The hard climb uphill: life returns to crisis-ridden Blue Mountains

Bushfire-ravaged vegetation is regrowing (Photo: Juliane Lehmayer)

Don’t be fooled by the sunshine – the winter air blows biting cold up in the Blue Mountains. Nevertheless, the one road through Leura is buzzing.

At first glance, the village, nestled up in the National Park, seems untouched by the bustle of the real world. It’s reminiscent of a film set, or a charming retro TV show. Tiny cafés and bakeries line the main road, like twee cardboard cut-outs. A comforting aroma of warm meat pies and fresh coffee blankets the streets. It’s as if nothing here has ever changed.

It has, however, been months since the town of 4.600 people has been this crowded.

Elderly couples holding hands enjoy their afternoon stroll while parents treat their kids to a hot chocolate after school. There’s the sound of multiple languages: a group of international tourists has gathered around a street sign, looking for directions to the closest look-out.

Inside a Leura cafe: visitors are returning to the Blue Mountains. (Photo: Juliane Lehmayer)

The Blue Mountains economy is getting by because of rare days like this. This year, locals have endured three different crises: bushfires, followed by floods – and then, as soon as the streets were dry and the air was clear again, Covid-19 spread around the world.

The Mountains tourism industry collapsed within those few months., and not all businesses have made it through lockdown.

The bushfires threatened the tourism-reliant National Park for months, causing losses estimated at $650 million.

Now, after the lifting of NSW pandemic restrictions, some shops have yet to put their tables back outside. Others remain closed.

Ditta Loesch appears tailor-made for her job. Dressed in colourful, funky clothes, she hums along to wartime classics playing in the background of her vintage clothes shop. It seems like the 67-year-old has been counting the days till she was able to stand here again.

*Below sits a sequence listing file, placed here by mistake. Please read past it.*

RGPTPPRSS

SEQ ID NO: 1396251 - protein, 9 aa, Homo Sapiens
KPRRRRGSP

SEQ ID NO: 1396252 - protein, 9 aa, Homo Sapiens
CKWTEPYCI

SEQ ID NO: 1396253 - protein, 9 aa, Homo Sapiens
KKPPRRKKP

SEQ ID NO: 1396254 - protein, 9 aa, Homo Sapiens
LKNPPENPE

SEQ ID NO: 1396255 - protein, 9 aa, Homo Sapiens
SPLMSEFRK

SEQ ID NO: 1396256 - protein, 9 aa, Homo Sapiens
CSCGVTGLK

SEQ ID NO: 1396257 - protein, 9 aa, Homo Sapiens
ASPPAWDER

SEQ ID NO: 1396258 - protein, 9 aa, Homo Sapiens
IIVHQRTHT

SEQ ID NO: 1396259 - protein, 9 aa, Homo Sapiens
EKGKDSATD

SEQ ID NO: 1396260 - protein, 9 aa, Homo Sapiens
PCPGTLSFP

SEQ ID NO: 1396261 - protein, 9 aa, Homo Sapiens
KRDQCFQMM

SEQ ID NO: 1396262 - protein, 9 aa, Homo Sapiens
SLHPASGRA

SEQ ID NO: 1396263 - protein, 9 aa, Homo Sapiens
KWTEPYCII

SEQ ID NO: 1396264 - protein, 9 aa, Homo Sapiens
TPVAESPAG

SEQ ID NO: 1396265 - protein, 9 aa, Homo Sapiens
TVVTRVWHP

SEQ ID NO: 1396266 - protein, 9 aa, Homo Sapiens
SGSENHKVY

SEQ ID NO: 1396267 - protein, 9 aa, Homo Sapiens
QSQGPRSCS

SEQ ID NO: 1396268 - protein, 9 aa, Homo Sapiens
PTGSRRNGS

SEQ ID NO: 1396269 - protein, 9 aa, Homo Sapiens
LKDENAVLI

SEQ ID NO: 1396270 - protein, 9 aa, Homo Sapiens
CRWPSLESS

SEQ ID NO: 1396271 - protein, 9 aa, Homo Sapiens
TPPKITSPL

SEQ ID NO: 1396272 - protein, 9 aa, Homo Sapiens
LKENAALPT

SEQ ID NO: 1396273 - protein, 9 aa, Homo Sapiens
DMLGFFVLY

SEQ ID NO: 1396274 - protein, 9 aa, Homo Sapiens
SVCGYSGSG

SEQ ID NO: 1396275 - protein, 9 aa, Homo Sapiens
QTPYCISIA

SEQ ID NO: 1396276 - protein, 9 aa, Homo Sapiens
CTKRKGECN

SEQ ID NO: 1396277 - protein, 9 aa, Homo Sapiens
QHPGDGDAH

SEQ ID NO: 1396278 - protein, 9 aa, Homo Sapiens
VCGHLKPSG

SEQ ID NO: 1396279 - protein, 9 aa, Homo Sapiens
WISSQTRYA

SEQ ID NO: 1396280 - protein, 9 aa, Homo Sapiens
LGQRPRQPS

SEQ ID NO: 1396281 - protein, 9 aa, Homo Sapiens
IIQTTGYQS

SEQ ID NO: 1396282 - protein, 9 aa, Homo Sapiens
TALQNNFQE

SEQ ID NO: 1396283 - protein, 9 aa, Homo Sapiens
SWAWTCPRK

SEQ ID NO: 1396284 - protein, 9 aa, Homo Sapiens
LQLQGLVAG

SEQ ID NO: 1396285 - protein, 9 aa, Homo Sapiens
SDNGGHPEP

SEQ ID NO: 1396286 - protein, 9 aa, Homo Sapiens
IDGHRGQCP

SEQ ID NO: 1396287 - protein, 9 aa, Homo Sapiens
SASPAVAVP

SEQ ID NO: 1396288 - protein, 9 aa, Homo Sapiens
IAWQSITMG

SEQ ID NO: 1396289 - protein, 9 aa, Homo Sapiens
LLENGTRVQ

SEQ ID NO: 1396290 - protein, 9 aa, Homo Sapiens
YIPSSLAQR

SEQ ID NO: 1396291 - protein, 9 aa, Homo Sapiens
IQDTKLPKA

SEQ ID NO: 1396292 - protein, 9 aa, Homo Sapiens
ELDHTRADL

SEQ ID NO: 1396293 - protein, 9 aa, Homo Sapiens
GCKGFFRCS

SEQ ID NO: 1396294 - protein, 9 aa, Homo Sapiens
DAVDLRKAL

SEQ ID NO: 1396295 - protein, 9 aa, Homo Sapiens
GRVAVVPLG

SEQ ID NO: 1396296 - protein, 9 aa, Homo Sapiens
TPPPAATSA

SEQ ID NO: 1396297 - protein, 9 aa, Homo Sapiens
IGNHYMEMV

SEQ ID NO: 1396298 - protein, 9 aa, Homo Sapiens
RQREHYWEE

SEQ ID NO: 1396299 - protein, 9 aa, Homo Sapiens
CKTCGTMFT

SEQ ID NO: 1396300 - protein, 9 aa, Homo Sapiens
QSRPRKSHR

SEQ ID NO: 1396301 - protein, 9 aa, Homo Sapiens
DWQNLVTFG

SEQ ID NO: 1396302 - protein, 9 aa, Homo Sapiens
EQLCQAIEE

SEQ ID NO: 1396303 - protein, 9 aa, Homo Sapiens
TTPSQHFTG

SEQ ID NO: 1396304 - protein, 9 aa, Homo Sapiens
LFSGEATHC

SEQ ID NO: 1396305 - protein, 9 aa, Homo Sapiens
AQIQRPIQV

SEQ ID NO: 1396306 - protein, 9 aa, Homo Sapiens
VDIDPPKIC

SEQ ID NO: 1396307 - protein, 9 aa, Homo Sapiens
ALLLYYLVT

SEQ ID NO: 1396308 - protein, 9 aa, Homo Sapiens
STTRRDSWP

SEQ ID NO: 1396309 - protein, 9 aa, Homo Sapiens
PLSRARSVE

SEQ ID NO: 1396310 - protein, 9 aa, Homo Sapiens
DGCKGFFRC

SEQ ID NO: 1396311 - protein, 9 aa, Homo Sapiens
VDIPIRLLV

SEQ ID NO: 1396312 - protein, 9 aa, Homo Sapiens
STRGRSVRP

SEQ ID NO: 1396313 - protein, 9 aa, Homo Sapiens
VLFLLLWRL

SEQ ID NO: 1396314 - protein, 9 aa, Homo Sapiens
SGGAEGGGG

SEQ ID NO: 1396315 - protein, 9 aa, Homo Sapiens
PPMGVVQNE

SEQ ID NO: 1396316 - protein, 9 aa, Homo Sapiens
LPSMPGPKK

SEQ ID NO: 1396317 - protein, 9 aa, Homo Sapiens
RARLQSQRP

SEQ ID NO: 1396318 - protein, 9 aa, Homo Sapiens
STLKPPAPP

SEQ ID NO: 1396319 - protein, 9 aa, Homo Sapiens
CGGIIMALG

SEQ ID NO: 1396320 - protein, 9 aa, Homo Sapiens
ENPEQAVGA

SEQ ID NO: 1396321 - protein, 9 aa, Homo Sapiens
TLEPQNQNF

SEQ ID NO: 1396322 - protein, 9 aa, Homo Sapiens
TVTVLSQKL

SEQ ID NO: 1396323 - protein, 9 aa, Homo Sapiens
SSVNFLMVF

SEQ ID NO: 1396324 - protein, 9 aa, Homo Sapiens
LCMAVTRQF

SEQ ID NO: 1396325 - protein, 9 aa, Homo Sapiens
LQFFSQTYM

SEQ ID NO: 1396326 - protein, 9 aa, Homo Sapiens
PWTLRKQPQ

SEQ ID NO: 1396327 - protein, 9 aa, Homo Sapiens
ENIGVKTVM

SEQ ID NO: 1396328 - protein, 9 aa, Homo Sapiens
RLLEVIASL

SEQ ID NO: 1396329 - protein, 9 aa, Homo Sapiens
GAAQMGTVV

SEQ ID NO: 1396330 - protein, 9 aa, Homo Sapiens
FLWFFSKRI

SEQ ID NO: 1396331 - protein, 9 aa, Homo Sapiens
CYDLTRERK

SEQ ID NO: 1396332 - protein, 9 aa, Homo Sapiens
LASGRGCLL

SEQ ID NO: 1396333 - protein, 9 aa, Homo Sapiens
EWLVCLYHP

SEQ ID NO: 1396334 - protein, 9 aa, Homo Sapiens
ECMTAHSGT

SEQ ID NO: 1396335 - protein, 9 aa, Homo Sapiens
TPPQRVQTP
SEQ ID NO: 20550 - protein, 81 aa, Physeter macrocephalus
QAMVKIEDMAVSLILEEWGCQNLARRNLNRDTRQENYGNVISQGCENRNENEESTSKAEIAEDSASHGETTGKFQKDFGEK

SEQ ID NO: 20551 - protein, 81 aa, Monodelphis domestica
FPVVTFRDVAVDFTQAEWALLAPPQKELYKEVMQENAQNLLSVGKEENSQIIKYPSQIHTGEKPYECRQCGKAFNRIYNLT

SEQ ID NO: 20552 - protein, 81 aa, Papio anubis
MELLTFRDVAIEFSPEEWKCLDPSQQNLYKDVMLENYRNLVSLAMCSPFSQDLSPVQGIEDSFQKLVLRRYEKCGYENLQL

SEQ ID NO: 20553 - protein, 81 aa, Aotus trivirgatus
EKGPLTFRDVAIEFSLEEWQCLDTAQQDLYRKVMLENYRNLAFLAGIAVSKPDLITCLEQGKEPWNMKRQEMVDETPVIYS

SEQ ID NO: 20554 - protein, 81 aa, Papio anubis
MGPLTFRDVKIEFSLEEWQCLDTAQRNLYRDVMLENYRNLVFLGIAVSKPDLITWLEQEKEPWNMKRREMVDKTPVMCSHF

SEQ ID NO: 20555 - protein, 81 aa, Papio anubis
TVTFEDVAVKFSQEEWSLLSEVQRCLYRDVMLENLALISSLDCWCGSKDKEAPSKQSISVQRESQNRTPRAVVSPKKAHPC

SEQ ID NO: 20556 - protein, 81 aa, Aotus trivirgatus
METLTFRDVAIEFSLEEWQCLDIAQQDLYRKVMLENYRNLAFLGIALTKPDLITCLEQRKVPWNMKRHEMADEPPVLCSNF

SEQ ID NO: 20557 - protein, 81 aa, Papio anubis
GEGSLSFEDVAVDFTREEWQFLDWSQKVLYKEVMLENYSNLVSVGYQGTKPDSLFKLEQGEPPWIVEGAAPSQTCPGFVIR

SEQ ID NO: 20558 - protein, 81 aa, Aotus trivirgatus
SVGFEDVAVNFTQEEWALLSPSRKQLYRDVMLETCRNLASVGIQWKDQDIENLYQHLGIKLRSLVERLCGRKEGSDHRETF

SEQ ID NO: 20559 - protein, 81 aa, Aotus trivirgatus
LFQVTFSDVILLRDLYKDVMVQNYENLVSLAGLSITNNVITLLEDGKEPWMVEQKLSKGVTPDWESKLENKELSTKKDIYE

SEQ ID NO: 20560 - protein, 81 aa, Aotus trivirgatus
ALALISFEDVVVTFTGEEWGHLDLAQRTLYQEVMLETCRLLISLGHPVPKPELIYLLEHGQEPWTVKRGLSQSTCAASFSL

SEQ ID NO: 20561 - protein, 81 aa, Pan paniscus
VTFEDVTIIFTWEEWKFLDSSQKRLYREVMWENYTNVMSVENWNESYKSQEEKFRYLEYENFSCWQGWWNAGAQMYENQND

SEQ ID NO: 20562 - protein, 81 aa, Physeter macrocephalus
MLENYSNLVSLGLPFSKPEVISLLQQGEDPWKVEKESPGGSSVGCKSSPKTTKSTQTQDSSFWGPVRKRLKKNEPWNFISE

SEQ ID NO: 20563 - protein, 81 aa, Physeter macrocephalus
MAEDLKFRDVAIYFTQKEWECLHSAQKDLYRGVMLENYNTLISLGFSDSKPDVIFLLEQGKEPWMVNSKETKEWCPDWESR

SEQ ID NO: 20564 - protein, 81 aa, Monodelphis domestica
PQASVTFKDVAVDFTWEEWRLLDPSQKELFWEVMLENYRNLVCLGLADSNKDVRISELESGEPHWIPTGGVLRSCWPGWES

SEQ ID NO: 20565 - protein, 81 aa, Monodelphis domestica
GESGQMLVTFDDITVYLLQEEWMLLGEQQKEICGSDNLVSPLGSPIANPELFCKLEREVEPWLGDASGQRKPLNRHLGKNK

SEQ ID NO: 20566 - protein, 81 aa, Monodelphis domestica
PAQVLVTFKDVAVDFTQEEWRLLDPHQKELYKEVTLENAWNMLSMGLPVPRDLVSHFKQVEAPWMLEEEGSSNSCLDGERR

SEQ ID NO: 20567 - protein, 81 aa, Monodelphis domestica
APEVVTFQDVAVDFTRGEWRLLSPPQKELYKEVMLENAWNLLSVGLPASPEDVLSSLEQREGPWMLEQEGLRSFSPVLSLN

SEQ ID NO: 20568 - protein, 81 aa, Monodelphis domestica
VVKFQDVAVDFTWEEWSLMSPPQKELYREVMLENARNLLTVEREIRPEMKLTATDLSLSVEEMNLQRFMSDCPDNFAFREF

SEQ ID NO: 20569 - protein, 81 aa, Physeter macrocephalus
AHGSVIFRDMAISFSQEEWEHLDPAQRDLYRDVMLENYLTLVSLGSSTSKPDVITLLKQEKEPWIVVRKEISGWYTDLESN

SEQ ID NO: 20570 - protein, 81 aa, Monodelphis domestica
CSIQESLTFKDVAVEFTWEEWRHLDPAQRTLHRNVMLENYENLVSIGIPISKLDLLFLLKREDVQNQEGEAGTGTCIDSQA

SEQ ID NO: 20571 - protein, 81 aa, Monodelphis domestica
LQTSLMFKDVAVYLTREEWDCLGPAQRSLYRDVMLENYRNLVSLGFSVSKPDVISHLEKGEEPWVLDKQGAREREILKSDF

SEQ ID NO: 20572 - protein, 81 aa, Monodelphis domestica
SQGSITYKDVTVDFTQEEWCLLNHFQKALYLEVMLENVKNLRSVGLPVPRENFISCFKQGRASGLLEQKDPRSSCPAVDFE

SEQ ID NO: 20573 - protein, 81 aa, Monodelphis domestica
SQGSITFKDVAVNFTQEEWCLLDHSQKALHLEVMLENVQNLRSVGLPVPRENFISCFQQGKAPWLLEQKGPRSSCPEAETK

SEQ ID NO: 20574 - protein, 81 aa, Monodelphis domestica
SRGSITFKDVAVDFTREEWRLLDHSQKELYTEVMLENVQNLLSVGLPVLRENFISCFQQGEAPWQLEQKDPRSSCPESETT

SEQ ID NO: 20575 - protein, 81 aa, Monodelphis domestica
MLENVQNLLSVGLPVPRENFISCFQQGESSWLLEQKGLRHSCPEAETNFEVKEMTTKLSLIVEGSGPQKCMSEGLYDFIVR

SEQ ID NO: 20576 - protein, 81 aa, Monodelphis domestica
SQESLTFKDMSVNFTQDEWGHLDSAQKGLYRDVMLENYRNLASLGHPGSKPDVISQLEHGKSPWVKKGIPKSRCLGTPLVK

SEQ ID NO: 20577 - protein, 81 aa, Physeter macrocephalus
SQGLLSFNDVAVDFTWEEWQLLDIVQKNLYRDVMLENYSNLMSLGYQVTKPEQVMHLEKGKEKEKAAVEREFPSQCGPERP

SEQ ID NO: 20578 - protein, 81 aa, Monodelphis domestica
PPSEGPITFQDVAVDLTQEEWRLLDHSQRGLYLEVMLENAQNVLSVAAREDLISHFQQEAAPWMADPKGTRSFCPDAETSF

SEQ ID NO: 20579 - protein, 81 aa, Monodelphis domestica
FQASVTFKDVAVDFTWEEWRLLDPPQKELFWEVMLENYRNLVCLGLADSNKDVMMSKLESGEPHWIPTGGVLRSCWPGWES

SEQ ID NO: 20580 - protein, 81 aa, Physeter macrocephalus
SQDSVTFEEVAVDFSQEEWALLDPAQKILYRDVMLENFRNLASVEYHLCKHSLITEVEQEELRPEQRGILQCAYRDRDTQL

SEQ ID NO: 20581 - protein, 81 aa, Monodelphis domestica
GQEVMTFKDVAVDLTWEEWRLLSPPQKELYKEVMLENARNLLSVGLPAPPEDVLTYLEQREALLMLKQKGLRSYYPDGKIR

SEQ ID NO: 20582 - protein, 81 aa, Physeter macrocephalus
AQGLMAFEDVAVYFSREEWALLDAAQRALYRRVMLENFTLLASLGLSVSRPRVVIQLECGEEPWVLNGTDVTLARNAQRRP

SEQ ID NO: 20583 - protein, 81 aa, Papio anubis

Ditta Loesch in her vintage clothing shop in Leura (Photo: Juliane Lehmayer)

Just as excited are her customers – after months in pyjamas, buying a jumper feels like the most luxurious treat, says one of her regulars.

Still, in the vintage store it’s far from business as usual. Ditta comes in four days a week now. “My boss can’t afford more at the moment. This year has taken everything out of us,” she says, trying not to lose her bright smile.

“People only think of Covid these days. But [up here] we’ve been struggling since September.”

Ten minutes’ drive further into the mountains, it is still eerily quiet at one of Australia’s most popular viewing platforms. The cable cars at Scenic World remained still until the end of June. Four months earlier, the family business had to close and temporarily lay off its 180 employees.

There are still tough times ahead, though. About 60 per cent of Scenic World’s 1.1 million annual visitors are international tourists, still barred from Australia. And social distancing in cable cars is a challenge.

The Blue Mountains have faced fire, flood and coronavirus. (Photo: Juliane Lehmayer)

While the impacts of the pandemic might not be as visible on the streets anymore, the fires have left their mark on the landscape. But also clear is the resilience of the bush. Above their burnt black trunks, the branches of the gum trees are covered in youthfully lush green leaves.

“The natural environment recovers much faster than the people do,” says local Labor MP Susan Templeman.

The state member for Macquarie and Blue Mountains knows the truth of this first-hand. Her own house burnt down in bushfires in 2013. She says:

“One of the key messages we have to tell the world: the bush has healed, the smoke has cleared and it’s safe to come back to the mountains.”

Blue Mountains Council has received $1.3 million in government bushfire assistance. On top of that, it has been given almost $900,000 in federal funding to support local jobs.

Ironically, one new market has been isolation: according to Ms Templeman, lockdown created opportunities for local landlords.

“This is the one big advantage we have. Social distancing is a lot easier up here compared to other major cities.”

With her bulky black leather jacket and bleached blonde hair, Emily Parker stands out among Leura locals. The 27-year-old writer escaped Sydney in the middle of March, just before lockdown, resettling near Leura.

“I can write from anywhere. So why not in the Blue Mountains, I thought? The city felt way too crowded and anxious.

“It’s impossible to feel isolated in nature.”